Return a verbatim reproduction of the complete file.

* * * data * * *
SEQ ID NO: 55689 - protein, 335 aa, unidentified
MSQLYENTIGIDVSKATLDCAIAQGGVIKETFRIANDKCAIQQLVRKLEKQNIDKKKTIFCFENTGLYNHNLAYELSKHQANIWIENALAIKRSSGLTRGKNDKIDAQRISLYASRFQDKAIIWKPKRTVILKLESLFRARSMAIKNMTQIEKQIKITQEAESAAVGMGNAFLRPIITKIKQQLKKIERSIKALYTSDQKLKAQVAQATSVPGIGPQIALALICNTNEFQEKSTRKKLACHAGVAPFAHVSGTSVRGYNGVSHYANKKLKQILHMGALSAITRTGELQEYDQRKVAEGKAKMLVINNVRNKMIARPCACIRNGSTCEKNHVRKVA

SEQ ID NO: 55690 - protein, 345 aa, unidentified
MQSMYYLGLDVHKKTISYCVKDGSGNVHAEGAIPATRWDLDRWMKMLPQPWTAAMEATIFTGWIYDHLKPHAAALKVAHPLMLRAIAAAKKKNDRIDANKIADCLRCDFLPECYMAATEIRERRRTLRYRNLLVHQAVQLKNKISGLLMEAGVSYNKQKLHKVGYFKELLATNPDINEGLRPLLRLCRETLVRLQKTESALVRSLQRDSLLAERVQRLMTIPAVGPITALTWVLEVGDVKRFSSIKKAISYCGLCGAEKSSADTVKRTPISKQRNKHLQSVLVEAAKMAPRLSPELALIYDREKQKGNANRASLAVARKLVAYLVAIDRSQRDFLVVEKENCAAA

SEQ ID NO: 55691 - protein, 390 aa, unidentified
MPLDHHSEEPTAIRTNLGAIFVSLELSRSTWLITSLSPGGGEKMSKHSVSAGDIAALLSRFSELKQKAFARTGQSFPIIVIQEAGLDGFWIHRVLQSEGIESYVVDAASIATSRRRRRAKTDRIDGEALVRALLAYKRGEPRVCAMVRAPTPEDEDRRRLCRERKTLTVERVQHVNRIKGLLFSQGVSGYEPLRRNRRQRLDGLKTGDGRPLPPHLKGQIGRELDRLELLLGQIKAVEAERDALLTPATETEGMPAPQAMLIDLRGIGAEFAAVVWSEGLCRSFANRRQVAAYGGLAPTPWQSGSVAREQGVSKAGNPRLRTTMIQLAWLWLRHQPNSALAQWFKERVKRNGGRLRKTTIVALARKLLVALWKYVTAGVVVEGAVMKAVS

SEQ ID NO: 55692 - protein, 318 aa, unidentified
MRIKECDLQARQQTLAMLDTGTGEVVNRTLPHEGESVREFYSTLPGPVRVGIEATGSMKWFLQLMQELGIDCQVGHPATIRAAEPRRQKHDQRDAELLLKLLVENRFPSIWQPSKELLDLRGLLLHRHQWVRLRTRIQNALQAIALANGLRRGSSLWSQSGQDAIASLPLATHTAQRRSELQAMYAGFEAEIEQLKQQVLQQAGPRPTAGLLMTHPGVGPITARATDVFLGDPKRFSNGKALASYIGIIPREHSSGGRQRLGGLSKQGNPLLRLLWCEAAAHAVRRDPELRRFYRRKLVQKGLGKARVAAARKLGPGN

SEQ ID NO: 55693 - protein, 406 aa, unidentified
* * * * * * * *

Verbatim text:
SEQ ID NO: 55689 - protein, 335 aa, unidentified
MSQLYENTIGIDVSKATLDCAIAQGGVIKETFRIANDKCAIQQLVRKLEKQNIDKKKTIFCFENTGLYNHNLAYELSKHQANIWIENALAIKRSSGLTRGKNDKIDAQRISLYASRFQDKAIIWKPKRTVILKLESLFRARSMAIKNMTQIEKQIKITQEAESAAVGMGNAFLRPIITKIKQQLKKIERSIKALYTSDQKLKAQVAQATSVPGIGPQIALALICNTNEFQEKSTRKKLACHAGVAPFAHVSGTSVRGYNGVSHYANKKLKQILHMGALSAITRTGELQEYDQRKVAEGKAKMLVINNVRNKMIARPCACIRNGSTCEKNHVRKVA

SEQ ID NO: 55690 - protein, 345 aa, unidentified
MQSMYYLGLDVHKKTISYCVKDGSGNVHAEGAIPATRWDLDRWMKMLPQPWTAAMEATIFTGWIYDHLKPHAAALKVAHPLMLRAIAAAKKKNDRIDANKIADCLRCDFLPECYMAATEIRERRRTLRYRNLLVHQAVQLKNKISGLLMEAGVSYNKQKLHKVGYFKELLATNPDINEGLRPLLRLCRETLVRLQKTESALVRSLQRDSLLAERVQRLMTIPAVGPITALTWVLEVGDVKRFSSIKKAISYCGLCGAEKSSADTVKRTPISKQRNKHLQSVLVEAAKMAPRLSPELALIYDREKQKGNANRASLAVARKLVAYLVAIDRSQRDFLVVEKENCAAA

SEQ ID NO: 55691 - protein, 390 aa, unidentified
MPLDHHSEEPTAIRTNLGAIFVSLELSRSTWLITSLSPGGGEKMSKHSVSAGDIAALLSRFSELKQKAFARTGQSFPIIVIQEAGLDGFWIHRVLQSEGIESYVVDAASIATSRRRRRAKTDRIDGEALVRALLAYKRGEPRVCAMVRAPTPEDEDRRRLCRERKTLTVERVQHVNRIKGLLFSQGVSGYEPLRRNRRQRLDGLKTGDGRPLPPHLKGQIGRELDRLELLLGQIKAVEAERDALLTPATETEGMPAPQAMLIDLRGIGAEFAAVVWSEGLCRSFANRRQVAAYGGLAPTPWQSGSVAREQGVSKAGNPRLRTTMIQLAWLWLRHQPNSALAQWFKERVKRNGGRLRKTTIVALARKLLVALWKYVTAGVVVEGAVMKAVS

SEQ ID NO: 55692 - protein, 318 aa, unidentified
MRIKECDLQARQQTLAMLDTGTGEVVNRTLPHEGESVREFYSTLPGPVRVGIEATGSMKWFLQLMQELGIDCQVGHPATIRAAEPRRQKHDQRDAELLLKLLVENRFPSIWQPSKELLDLRGLLLHRHQWVRLRTRIQNALQAIALANGLRRGSSLWSQSGQDAIASLPLATHTAQRRSELQAMYAGFEAEIEQLKQQVLQQAGPRPTAGLLMTHPGVGPITARATDVFLGDPKRFSNGKALASYIGIIPREHSSGGRQRLGGLSKQGNPLLRLLWCEAAAHAVRRDPELRRFYRRKLVQKGLGKARVAAARKLGPGN

SEQ ID NO: 55693 - protein, 406 aa, unidentified